Let’s begin with a pair of tentative maxims:
1) If you only ever look for the new—the cutting edge, the bold, the progressive, the iconoclastic—in music, you are likely a sad-hearted doofus who has never grinned uncontrollably when the explosion that ends “Fight Fire with Fire” squeals into the stomp-beat intro of “Ride the Lightning.”
2) If you don’t feel a thrill race down your spine when you happen across something truly exciting and unexpected in music, you are likely a sad-hearted doofus who clings to orthodoxy for its own sake and who has never once busted a collectible figurine out of its original packaging.
The new album from Brazil’s Deafkids is an answer to no particular unposed question. I can’t tell you that it splits the difference between our two maxims. If the job of the critic is to tell you whether you should enjoy it, then every one of these words will prove woefully delinquent. But by God, you should listen to this.
But how to go on, really? Metaprogramação is the Brazilian band’s second full-length album, and second release on Neurot Recordings (following a 2017 EP on that label). The closest ballpark of a genre is probably crust, but that’s almost more in spirit than sound, because while Metaprogramação is certainly raw and aggressive, it is also hallucinatory, fragmented, psychedelic, and almost bordering on stream of consciousness. It is, above all else, difficult music that is somehow easy to process. You very well might hate it!
Album open “Vox Dei” opens sounding like some kind of throat-singing ritual piece, but the deeply reverbed vocals are eventually blended seamlessly into increasingly abrasive noise and studio trickery that spins around the stereo field before you realize, oh shit, now we’re on the next song. “Alucinações de Comando” tastes a little like a drumming showcase, but it also keeps robotic vocals near at hand while fritzing guitars squiggle behind them. It’s not really until “Mente Bicameral,” the album’s fourth song, that Deafkids moves into anything particularly resembling metal. But even then, it’s like a cut and paste and photocopied to washed-out oblivion version – the guitar waves a sassy strut around, then leans back to let the rudimentary d-beat drumming (plus timbales or some other higher-tuned instrument) take over.
At times, the album hovers in a zone of such spectral, freely wandering exploration that it feels like an hallucinatory mirroring of Aluk Todolo’s Voix. “Templo do Caos” is one of the most engaging (or perhaps least intentionally alienating) songs, but even then, its toothy rhythmic hook always dances just a few paces out of reach and never explodes into the type of crescendo our ears have been trained to expect. One of the most interesting things about the album—and perhaps a hallmark of the great melting pot of Caribbean and West African musical forms alongside indigenous styles and practices in Brazil—is that there’s almost never really a “lead” voice or instrument. There’s plenty of both unison and polyrhythms, but whenever a single voice burbles to the top of the mix, it’s brief. Even the vocals, for example, rarely seem to be forming words, and instead exist as masked whispers or gnashed-teeth shouts that are sampled and treated as percussively as Blixa Bargeld on Einstürzende Neubauten’s “Negativ Nein.”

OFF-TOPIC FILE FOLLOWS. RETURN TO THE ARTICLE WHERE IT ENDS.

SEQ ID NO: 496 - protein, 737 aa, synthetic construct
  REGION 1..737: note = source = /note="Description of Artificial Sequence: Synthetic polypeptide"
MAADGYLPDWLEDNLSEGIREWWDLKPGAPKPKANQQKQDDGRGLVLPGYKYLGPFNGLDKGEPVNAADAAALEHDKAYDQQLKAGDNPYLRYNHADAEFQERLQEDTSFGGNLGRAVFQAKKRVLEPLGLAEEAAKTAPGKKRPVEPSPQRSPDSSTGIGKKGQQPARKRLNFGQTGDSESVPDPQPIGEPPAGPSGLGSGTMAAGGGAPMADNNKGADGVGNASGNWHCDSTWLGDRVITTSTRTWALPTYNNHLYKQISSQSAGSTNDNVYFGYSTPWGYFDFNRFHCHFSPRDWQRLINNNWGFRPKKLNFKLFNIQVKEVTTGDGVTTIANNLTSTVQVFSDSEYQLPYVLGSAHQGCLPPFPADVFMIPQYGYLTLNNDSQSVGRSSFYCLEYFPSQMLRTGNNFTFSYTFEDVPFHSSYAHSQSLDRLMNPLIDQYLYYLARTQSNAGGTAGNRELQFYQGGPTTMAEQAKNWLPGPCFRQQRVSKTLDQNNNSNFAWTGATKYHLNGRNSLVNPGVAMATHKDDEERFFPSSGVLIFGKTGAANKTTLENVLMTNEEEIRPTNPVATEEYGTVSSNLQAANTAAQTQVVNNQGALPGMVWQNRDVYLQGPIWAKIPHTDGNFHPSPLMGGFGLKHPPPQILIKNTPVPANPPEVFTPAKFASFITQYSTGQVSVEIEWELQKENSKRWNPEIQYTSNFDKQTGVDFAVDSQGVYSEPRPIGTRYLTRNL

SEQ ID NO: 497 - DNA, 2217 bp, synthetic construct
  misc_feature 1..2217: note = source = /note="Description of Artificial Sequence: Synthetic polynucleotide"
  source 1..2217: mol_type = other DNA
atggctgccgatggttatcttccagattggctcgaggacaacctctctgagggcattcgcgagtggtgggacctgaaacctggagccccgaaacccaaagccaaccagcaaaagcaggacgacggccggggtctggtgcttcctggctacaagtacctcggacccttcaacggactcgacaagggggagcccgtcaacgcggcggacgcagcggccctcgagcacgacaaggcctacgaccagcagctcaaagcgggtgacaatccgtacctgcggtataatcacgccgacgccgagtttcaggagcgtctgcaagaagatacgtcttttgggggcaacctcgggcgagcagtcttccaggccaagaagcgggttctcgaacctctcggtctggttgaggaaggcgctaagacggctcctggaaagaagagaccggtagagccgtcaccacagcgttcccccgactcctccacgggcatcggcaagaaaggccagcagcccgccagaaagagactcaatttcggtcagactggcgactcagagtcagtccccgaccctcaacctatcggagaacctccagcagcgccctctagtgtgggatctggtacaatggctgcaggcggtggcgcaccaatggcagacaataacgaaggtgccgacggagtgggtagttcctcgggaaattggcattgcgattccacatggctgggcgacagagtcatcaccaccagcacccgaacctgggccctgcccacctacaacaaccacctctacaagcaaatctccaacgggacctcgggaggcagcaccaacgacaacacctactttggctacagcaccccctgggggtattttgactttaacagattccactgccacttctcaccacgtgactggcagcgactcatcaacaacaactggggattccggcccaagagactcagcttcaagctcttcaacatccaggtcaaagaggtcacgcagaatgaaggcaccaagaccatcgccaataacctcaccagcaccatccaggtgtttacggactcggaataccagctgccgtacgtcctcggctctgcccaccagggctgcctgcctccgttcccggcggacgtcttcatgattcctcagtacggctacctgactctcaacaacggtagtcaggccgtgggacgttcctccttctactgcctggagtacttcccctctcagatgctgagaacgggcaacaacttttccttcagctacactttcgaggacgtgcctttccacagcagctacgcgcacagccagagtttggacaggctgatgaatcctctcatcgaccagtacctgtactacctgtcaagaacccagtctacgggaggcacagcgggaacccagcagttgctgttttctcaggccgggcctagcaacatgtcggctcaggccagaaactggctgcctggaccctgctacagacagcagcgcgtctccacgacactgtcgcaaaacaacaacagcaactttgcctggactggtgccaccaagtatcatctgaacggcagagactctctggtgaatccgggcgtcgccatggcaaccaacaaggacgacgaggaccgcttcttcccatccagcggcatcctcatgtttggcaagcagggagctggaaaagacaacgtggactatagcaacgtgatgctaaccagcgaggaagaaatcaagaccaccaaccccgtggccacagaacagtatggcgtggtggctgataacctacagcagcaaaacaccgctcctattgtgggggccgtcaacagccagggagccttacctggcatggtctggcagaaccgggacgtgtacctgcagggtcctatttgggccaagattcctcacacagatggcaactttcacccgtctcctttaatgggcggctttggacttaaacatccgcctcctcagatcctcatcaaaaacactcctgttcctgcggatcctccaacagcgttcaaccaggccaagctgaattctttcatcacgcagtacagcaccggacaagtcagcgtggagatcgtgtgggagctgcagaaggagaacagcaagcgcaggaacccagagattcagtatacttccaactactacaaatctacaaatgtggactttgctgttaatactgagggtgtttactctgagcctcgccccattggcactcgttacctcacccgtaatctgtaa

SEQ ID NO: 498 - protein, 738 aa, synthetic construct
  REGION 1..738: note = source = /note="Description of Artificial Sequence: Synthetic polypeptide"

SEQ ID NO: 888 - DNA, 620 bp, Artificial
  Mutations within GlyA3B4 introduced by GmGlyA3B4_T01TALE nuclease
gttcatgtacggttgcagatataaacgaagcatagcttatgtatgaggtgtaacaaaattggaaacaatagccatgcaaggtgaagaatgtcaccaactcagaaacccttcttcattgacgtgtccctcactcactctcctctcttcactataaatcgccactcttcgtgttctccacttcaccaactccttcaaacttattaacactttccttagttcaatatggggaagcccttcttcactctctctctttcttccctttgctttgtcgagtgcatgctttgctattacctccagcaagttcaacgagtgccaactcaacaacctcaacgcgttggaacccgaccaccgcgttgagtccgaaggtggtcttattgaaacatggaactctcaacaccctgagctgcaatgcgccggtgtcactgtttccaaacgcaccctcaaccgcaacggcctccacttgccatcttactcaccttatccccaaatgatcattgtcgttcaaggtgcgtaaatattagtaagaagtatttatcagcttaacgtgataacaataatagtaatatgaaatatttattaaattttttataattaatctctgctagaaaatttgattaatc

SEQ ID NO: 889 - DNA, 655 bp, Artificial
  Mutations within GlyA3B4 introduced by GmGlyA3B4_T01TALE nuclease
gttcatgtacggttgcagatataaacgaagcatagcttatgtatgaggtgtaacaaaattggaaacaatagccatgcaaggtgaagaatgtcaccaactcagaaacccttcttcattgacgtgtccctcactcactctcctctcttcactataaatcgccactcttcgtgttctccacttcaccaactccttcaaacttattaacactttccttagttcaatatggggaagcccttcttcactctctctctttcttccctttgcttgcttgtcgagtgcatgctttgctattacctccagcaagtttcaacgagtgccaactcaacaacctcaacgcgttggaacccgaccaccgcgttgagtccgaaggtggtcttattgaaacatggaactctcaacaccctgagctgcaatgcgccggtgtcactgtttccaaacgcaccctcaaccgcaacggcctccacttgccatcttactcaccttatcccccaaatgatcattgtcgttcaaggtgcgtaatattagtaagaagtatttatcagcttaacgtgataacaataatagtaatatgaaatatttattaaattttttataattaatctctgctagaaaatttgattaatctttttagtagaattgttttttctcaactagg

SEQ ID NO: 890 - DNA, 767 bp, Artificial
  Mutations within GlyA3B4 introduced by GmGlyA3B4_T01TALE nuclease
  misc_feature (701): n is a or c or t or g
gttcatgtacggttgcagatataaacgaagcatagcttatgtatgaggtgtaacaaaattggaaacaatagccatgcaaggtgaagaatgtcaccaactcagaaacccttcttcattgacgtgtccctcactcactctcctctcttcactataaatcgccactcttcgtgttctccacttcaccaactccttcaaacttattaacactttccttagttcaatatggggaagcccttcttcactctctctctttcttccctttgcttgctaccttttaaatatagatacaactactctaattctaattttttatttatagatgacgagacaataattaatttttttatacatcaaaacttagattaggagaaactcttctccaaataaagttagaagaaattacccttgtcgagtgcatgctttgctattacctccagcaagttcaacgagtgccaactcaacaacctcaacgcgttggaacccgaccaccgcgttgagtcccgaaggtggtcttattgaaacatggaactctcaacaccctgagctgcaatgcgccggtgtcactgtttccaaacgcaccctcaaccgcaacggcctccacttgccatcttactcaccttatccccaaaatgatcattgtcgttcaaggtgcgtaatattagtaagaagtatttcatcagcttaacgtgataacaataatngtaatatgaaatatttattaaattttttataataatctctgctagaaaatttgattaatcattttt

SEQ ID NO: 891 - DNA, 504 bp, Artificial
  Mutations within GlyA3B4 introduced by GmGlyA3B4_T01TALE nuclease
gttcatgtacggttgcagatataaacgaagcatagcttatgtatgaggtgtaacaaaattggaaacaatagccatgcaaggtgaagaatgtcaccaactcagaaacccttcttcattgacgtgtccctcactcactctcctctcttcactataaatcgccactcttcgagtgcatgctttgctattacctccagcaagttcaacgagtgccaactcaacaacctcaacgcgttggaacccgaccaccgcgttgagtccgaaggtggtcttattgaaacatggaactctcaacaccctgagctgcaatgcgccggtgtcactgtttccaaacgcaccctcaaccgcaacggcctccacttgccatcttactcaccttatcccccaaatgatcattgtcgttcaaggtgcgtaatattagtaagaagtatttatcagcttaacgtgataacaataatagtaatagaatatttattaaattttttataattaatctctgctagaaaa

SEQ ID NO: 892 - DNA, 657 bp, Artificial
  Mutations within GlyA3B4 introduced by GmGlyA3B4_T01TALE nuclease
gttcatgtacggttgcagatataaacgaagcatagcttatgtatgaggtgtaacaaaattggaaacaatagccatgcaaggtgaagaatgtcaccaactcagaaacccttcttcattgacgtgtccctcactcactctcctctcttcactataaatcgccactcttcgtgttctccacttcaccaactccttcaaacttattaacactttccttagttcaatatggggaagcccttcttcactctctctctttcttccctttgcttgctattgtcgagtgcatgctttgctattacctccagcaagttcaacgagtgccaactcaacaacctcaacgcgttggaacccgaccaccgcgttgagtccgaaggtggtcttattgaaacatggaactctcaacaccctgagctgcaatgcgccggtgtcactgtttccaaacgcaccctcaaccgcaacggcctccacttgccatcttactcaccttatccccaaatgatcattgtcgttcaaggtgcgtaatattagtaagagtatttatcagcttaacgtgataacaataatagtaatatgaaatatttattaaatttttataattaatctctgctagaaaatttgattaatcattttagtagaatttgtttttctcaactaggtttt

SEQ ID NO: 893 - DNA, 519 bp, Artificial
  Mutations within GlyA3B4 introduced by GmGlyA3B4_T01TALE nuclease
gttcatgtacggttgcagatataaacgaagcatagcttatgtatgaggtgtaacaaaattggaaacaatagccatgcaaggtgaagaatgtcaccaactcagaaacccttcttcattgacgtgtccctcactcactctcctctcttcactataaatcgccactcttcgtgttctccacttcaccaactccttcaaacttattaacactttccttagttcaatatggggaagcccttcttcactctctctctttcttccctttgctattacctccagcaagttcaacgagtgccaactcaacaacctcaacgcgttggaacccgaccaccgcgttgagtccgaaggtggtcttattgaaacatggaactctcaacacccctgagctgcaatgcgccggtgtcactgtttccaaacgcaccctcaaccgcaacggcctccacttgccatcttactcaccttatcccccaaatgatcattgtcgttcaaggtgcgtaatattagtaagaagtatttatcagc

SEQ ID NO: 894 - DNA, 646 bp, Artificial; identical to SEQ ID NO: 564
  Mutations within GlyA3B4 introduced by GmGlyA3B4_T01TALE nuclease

“Raíz Negativa (Não-Vontade)” is built around a wicked groove that loops chattering guitar and loose, flailing drums atop what sounds like processed saxophone in the mold of Colin Stetson. Here, and in many other points, the album strikes a sinister, backsliding, modal posture, like a version of Kind of Blue played by crust punk dirtbags weaned on old school industrial. So what? The last proper track “Espiras da Loucura II” is another jam with many hand drums and tambourine that occasionally breaks into a heavier crashing cadence, but that generally sinks into its groove and gradually pulsates within that terrain.
I do not know precisely what Deafkids intended on Metaprogramação, so I cannot comment on whether they have succeeded. To these ears, the album is a wholly fresh and inventive way to repurpose many sounds. Even more intriguing, though, is the way that those many sounds never quite cohere into a single whole. Metaprogramação is a subversive little album, because it always seems to be just on the verge of becoming something definable, only to melt away into static and dissipating rhythms that fall through your grasping mastery of them like patient, unconquerable water finding the tiniest crack or warp or weakness in a foundation, and gradually claiming a space for itself.
Rather than wear you down through an erosion of will, though, Deafkids on this wildly assured album seem more interested in building you up by helping to question whether the teleology of a structure that realizes the promise of its blueprint actually prevents you from seeing the beauty in the unmaking, the new branching, the forever unfinishing completion.